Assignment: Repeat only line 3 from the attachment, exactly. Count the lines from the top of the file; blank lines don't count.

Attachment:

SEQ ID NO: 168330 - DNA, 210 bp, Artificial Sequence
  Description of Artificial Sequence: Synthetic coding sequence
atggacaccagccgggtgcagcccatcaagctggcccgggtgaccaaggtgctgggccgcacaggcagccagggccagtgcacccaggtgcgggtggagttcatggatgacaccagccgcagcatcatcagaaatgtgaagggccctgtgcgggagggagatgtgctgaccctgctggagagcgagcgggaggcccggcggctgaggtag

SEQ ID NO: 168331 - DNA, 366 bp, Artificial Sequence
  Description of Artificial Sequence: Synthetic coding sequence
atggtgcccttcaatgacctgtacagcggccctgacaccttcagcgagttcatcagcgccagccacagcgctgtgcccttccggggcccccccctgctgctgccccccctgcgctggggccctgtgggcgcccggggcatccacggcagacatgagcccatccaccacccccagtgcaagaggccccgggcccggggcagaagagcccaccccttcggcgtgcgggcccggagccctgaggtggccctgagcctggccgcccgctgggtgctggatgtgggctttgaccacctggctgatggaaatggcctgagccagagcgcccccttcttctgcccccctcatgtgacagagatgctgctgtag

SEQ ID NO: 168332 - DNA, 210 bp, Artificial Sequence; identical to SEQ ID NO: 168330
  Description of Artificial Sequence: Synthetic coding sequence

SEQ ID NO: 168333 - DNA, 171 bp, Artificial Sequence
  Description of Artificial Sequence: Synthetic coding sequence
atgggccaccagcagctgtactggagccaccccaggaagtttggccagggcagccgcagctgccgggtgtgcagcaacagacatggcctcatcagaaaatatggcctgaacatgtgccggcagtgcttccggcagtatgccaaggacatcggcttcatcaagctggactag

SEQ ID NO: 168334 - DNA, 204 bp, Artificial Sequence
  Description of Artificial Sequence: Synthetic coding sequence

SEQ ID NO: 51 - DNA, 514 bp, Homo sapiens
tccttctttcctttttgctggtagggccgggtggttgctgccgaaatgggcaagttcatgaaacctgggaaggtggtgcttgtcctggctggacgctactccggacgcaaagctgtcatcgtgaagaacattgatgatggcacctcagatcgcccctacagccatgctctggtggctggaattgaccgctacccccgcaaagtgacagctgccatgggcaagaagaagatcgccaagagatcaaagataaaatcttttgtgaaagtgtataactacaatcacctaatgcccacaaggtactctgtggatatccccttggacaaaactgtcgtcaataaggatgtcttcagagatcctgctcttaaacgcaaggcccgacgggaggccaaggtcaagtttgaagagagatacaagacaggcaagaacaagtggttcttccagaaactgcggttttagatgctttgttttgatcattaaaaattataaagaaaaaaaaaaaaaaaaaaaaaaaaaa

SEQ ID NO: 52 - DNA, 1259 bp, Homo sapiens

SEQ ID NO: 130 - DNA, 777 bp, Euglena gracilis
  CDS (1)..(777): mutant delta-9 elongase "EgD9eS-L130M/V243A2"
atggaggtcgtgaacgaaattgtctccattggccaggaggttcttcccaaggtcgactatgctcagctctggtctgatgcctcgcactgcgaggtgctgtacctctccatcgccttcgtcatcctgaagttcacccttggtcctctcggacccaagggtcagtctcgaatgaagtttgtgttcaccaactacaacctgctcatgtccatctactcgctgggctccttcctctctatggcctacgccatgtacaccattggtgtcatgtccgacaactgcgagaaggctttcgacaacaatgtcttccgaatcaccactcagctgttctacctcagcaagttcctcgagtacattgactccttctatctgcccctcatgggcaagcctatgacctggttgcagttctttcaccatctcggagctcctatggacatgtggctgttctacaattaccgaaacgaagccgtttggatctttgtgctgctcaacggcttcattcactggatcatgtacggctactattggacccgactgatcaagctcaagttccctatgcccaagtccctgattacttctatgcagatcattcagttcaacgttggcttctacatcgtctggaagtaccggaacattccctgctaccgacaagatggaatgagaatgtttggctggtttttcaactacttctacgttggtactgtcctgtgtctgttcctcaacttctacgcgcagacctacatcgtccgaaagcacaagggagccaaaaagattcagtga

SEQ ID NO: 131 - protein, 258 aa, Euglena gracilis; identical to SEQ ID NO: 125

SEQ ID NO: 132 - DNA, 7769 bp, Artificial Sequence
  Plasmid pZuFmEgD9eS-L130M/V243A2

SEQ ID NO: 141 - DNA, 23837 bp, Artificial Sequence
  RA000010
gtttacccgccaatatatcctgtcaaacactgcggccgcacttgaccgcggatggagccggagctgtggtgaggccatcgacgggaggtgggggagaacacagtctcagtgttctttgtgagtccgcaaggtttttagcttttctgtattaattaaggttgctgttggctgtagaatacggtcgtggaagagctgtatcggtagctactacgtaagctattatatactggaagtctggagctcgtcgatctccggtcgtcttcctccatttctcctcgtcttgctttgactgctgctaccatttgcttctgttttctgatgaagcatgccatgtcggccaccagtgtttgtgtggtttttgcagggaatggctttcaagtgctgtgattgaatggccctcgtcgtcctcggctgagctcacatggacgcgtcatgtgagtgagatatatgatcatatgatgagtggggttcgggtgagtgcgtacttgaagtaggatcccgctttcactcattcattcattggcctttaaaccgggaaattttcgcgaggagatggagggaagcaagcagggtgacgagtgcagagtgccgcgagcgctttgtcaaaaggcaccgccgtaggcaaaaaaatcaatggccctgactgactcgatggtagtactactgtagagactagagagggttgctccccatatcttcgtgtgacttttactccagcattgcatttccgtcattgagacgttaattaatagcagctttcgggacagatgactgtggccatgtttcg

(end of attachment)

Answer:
atggacaccagccgggtgcagcccatcaagctggcccgggtgaccaaggtgctgggccgcacaggcagccagggccagtgcacccaggtgcgggtggagttcatggatgacaccagccgcagcatcatcagaaatgtgaagggccctgtgcgggagggagatgtgctgaccctgctggagagcgagcgggaggcccggcggctgaggtag